Santa Barbara, California
California, United States
Pennsylvania, United States
Other name(s): Cinnamon Queen Sex Link
Scientific name: Gallus gallus domesticus
Country / Place of origin: Not known
History: The Cinnamon Queen Chicken is a sex-linked cross breed brown egg laying chicken. It is a cross breed created from a Silver Laced Wyandotte Hen and a New Hampshire rooster. This breed has not been given recognition by the American Poultry Association.
Current Uses: Eggs
Appearance: Cinnamon Queen Chickens are color sexable as chicks. Cockerels are white and the pullets are brownish-red in color.
Average weight: 5.5 - 8 lbs.
Lifespan: 5 - 10 years
Diet: Cinnamon Queen’s are production fowl that require extra protein and calcium. A commercial egg laying pellet with approximately 16% protein will keep them satisfied. Besides feed, your Cinnamon Queen’s diet should be supplemented with veggies, fruits, and bugs. Oyster shell can be added to their diet if you fear your Cinnamon Queen’s are not getting enough calcium. Grit should also be offered if your birds have no access to small pebbles, which will help them digest their feed. Fresh water must be available at all times.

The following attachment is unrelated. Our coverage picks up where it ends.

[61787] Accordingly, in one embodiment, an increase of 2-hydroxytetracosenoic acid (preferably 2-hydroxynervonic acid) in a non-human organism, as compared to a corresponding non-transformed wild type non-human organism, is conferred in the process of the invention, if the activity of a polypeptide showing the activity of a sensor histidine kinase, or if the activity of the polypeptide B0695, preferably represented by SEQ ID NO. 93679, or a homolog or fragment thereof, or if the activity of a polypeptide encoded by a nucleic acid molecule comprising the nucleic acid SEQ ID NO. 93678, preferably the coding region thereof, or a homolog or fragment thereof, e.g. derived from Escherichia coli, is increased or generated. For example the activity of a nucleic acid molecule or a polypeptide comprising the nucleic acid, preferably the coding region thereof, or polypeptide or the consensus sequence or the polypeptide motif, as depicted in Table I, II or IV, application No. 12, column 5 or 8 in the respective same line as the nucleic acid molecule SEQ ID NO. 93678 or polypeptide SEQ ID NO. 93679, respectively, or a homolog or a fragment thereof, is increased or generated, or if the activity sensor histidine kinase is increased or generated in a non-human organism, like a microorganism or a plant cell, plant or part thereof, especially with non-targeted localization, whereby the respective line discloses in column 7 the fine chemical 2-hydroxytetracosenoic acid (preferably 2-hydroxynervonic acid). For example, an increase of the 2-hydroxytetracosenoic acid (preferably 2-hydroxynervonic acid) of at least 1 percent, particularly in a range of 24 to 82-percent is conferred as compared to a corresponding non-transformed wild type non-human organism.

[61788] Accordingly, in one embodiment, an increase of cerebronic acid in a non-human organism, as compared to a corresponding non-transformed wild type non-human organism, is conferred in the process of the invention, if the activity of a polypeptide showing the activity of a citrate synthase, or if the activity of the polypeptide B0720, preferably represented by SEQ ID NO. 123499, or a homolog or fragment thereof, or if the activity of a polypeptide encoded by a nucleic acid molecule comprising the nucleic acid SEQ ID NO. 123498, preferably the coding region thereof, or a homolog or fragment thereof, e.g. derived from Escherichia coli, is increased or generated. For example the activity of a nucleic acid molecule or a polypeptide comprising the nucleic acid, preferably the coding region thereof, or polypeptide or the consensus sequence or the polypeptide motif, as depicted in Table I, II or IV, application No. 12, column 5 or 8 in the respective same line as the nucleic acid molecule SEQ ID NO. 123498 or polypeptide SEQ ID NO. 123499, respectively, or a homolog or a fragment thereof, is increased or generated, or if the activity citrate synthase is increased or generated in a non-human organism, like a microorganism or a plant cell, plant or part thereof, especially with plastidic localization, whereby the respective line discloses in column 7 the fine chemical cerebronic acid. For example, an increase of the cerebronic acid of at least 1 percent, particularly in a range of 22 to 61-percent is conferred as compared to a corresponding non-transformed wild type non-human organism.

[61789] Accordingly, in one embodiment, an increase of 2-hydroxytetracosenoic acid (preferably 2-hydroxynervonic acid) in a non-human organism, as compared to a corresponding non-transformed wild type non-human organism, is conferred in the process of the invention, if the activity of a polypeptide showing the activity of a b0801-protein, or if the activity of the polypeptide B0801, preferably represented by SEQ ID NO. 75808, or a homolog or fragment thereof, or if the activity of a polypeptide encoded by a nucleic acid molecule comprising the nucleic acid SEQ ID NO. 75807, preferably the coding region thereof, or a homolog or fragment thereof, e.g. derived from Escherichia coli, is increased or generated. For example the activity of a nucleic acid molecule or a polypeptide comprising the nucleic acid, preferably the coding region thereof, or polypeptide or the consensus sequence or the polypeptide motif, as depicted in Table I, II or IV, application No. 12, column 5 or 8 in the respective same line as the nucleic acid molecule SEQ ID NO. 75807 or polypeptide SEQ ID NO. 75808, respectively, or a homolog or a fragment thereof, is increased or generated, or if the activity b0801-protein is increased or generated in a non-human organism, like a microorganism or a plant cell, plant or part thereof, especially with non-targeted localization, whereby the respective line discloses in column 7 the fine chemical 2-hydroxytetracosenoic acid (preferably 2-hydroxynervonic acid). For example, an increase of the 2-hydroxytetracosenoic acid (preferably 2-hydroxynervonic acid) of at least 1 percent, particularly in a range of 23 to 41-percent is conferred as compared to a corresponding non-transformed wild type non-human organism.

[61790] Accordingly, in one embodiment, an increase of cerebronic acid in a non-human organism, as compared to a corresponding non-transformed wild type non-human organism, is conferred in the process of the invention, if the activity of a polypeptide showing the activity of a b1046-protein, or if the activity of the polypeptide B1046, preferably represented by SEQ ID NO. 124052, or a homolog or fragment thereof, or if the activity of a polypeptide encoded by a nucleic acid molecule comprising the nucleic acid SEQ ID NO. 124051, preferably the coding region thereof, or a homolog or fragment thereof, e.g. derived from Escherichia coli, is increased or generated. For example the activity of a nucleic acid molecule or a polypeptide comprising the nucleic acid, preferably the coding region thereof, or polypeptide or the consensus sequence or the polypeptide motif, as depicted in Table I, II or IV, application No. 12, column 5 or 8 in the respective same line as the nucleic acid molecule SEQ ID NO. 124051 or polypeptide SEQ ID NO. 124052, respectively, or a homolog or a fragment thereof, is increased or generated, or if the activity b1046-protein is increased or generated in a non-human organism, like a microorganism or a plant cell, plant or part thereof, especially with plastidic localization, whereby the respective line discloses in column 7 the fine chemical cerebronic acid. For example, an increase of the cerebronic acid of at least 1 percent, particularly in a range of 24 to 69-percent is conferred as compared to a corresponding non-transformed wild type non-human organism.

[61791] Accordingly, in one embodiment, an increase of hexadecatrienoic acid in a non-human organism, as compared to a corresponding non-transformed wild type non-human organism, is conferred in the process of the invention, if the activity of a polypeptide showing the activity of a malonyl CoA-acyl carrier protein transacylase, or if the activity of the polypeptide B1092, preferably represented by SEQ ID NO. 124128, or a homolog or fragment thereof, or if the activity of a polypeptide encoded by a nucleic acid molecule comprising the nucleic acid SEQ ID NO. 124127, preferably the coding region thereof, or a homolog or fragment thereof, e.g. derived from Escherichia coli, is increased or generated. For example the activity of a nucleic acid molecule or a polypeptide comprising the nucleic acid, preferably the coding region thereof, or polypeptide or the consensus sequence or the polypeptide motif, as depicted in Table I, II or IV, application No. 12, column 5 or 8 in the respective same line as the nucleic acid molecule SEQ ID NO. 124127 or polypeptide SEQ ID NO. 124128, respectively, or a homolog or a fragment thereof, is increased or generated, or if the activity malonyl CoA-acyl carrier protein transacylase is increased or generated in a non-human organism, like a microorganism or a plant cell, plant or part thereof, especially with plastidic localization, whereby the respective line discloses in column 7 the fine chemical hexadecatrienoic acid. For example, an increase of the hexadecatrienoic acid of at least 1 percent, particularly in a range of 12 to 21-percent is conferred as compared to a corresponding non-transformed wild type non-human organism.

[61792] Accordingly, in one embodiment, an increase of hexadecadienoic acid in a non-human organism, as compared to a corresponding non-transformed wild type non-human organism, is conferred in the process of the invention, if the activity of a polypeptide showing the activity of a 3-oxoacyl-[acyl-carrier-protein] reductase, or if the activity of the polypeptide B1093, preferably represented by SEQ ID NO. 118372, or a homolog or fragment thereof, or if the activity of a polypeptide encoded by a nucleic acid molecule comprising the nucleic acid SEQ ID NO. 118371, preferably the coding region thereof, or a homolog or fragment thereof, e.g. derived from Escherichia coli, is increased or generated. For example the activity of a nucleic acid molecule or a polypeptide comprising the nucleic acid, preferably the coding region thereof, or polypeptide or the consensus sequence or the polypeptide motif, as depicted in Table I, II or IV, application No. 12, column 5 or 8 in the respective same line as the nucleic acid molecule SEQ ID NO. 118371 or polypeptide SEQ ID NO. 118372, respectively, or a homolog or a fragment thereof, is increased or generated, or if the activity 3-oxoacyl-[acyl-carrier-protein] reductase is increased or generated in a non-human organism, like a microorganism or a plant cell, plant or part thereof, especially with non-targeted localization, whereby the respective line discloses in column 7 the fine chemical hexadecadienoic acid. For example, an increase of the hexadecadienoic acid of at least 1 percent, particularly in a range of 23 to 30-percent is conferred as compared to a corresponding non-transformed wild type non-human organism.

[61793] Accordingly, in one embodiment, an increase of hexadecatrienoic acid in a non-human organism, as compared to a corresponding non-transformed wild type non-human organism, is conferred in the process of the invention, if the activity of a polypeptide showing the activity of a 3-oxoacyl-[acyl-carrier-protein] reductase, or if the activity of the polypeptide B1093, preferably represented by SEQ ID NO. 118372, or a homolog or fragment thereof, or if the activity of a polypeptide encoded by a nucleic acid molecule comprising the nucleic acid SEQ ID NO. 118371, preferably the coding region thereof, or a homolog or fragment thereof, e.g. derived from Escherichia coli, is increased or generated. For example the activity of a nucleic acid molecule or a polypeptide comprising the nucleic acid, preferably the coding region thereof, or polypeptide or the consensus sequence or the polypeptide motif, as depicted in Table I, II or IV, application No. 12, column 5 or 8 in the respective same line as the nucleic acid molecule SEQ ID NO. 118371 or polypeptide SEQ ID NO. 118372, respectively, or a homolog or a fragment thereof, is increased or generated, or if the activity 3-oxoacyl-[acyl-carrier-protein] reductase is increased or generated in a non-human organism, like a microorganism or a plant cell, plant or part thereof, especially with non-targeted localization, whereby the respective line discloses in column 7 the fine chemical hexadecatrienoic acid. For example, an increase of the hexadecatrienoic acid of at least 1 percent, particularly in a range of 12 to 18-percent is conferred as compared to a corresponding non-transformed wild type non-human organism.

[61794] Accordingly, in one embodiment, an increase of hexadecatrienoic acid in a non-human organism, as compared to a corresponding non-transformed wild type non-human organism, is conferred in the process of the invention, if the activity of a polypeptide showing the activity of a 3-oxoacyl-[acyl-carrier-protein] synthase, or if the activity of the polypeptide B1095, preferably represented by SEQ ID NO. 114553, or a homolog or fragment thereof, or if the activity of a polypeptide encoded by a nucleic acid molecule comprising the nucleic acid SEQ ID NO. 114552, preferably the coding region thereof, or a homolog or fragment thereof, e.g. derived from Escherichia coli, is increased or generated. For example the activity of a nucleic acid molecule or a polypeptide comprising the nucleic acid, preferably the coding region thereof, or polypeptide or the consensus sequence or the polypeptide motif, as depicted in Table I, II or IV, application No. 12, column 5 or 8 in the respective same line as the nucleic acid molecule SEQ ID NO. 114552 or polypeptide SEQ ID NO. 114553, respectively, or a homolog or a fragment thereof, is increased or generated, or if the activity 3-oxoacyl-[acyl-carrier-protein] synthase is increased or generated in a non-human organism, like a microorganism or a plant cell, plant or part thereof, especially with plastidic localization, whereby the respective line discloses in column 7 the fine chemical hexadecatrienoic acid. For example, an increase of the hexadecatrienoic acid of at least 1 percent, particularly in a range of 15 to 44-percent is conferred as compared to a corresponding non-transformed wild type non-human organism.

Housing: The Cinnamon Queen is a production fowl that can suffer from egg binding. To help avoid egg binding make sure your hen is getting enough calcium. Like many production fowl, the Cinnamon Queen can have a shortened lifespan. If raising a large flock of Cinnamon Queen’s, you may want to consider vaccinations. Cinnamon Queen’s are prone to feather pecking if housed in close quarters.
Health issues: Chickens can require the expert care of an avian veterinarian and regular check ups. There are several diseases that they can receive vaccines for such as Newcastles, Avian Flu, Avian Pox, Infectious Laryngotracheitis, and Marek’s Disease. Your vet may also recommend regular worming. Your vet can also be a valuable resource on aspects of good care that will prevent the spread of disease within your flock.
Behavior / Temperament / Activity level: In a small flock the Cinnamon Queen is outgoing, friendly, active, and makes an excellent pet. In a large commercial setting flock, they can be robotic, and very mean to one another.